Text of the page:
Unemployment of 9%+ for 28 Months Is a National Emergency
An Elbow to the Ribs While the Ref Isn't Looking: Macroeconomic Analysis Department

In Which Charlie Stross Complains That California Is Insufficiently Terraformed...

The reason that the Lincoln Town Car is available as a "free" rental car "upgrade" is that nobody wants to drive a Lincoln Town Car: its gas mileage is too poor for anybody driving The Five to want it, and its handling characteristics are such as to make driving it on The One a knuckle-whitening experience.

Nevertheless, Charlie Stross appears to have survived…

But let us add "never drive a Lincoln Town Car on The One" to "never get involved in a land war in Asia", "never go up against a Sicilian when death is on the line", "never accept a battle of wits where iocane powder is a factor", "never call your own website 'poor and stupid'", "never attempt a reductio ad absurdum argument on talk radio", "never read My Pet Goat when death is on the line", "never blithely download and install a file from Microsoft without carefully, carefully researching what it will do beforehand", "never post about human genetics on you weblog", "never play poker with a man called 'Doc'", "never eat at a place called 'Mom's'", and "never use vodka to try to remove bloodstains from white linen", and "never fire your best polemicist if your dork quotient is over 30%"…

Back again: My wife and I needed to be in Portland by Friday evening... so we hired a car and drove. Note: this was the first time in 18 years that I'd attempted to drive on the wrong side of the road.

Things I learned:

  1. California State Route 1 is a scenic route, for values of "best enjoyed from a helicopter or light plane". I would, however, characterise it as somewhat more exciting than one wants if the objective is to get from SF to Portland within a fixed time frame… landslides, holes in the crash barriers on cliff-edge hairpin bends, and lots of detours around trees…..

  2. A Lincoln Town Car is not the right vehicle in which to enjoy Highway One…. (In my defense, we don't have Lincoln Town Cars in the UK….)

  3. The combination of charming cliffside switchbacks and a five litre V8 results in gas mileage such that it's a good thing for my wallet that fuel is so cheap in California. About the rural gas station where they only take cash and amuse themselves with a banjo between customers we'll say no more.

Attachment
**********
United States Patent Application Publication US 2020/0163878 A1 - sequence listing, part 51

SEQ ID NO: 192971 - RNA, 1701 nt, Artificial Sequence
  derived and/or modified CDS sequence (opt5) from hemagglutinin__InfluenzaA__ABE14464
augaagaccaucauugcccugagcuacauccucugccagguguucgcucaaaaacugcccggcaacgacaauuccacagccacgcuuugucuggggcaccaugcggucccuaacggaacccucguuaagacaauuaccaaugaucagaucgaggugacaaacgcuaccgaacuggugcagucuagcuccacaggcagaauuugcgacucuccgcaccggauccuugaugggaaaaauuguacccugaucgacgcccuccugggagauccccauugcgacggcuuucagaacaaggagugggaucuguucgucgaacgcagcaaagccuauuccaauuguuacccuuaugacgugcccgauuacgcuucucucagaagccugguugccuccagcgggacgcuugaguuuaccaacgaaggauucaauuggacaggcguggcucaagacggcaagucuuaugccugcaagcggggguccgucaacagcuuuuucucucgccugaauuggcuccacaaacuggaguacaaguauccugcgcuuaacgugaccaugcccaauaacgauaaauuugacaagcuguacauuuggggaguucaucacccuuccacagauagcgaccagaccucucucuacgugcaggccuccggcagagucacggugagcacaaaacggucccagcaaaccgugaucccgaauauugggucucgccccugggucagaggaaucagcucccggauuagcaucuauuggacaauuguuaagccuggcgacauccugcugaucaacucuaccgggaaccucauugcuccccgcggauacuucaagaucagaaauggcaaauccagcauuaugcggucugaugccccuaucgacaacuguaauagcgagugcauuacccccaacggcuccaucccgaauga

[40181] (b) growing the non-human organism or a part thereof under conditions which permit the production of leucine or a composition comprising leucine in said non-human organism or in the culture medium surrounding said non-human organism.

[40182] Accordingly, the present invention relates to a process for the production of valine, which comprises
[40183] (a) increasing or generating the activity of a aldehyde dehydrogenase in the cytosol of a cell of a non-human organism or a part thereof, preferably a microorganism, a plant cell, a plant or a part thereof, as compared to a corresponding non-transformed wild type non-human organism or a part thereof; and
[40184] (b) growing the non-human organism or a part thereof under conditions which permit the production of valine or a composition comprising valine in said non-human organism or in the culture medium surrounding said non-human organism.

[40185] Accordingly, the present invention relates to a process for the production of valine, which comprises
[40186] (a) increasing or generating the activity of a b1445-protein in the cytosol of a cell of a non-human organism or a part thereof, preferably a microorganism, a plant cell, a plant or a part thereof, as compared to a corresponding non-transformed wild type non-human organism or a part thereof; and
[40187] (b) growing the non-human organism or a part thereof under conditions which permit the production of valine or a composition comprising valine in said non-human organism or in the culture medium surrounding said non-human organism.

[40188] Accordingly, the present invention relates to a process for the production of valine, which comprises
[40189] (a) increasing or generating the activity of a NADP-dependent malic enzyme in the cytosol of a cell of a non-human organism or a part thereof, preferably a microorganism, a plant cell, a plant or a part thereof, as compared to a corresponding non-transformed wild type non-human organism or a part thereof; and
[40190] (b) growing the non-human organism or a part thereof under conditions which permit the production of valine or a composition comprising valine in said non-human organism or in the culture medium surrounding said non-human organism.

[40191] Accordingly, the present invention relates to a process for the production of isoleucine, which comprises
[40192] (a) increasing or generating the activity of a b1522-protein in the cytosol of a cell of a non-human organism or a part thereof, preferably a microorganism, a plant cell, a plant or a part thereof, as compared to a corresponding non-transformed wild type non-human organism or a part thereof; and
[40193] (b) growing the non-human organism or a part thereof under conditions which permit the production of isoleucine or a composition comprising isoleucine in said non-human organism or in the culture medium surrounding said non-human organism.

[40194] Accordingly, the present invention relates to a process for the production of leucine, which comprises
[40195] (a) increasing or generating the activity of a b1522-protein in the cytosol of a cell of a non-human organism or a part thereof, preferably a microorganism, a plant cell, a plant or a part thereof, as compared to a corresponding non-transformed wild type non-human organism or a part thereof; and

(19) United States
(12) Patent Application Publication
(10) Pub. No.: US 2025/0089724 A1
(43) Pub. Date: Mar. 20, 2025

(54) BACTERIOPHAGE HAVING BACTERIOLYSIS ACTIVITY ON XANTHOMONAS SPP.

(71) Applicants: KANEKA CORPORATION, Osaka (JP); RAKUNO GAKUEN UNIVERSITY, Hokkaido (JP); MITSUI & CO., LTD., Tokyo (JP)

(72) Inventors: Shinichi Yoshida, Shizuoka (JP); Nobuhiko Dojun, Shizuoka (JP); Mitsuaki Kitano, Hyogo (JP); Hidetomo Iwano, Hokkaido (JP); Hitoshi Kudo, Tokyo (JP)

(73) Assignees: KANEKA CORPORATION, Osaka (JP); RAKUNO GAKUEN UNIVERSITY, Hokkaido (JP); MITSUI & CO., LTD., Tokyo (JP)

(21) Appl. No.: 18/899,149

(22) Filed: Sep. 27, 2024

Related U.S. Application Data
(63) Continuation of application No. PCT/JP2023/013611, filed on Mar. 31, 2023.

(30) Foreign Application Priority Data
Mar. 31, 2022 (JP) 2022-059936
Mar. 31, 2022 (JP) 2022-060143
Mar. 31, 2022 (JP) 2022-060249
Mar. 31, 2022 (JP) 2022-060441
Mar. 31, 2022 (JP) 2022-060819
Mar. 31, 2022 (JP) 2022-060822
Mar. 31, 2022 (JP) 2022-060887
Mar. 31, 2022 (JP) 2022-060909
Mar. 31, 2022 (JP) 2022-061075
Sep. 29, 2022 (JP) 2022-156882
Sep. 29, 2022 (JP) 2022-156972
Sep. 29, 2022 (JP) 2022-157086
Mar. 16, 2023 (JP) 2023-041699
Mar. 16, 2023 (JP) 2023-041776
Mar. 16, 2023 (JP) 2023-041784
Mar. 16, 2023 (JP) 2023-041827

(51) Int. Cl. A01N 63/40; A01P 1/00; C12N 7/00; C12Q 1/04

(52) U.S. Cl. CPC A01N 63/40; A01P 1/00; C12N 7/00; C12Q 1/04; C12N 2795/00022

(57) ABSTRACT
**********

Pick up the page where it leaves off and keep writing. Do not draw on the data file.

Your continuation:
4. Dear brown black bear, please learn to look both ways before bounding across the road twenty metres in front of a wheeled avatar of Father Darwin. This will enhance your life expectancy, not to mention that of the folks in the car….

  5. Highways 101 and 199 were better than Highway 1, and still scenic (for values of "where did that three metre wide tree jump out from?")….

  6. A Lincoln Town Car is the right vehicle for pounding up the interstate [The Five] we eventually decided to divert onto. Still, no love — as I discovered after I accidentally did 450 miles on the second day then nearly collapsed…

Let me just say that driving the whole Ellay-Portland route on The Five has scenic charms of its own to not quite match those of The One but that are still very impressive: whether the aqueduct-siphons cresting the ridge to your right around Santa Clarita, the long descent from the Angeles National Forest--for a value of forest = "high desert"--to the Central Valley with its runaway truck ramps, the straight shot across the Central Valley itsef--land of heat (dry heat), sunshine, phosphates, soil, flatness, and huge amounts of water from the Sierra snowmelt--the CHiP fixed-wing aircraft followed by the appearance of people in mirrored sunglasses writing tickets, the exploded caldera of Lassen off to the right, the distant snow peak of Shasta visible from more than 100 miles south on a clear day as a floating island in the sky, the unexploded peak of Shasta as you pass by, the high prairie (and if you are lucky, a thunder snow storm) between Shasta and the Oregon border, Grant's Pass, the Willamette garden spot, Mt. Hood off to the right, and ending up at the Columbia River and the exploded caldera of Mt. St. Helens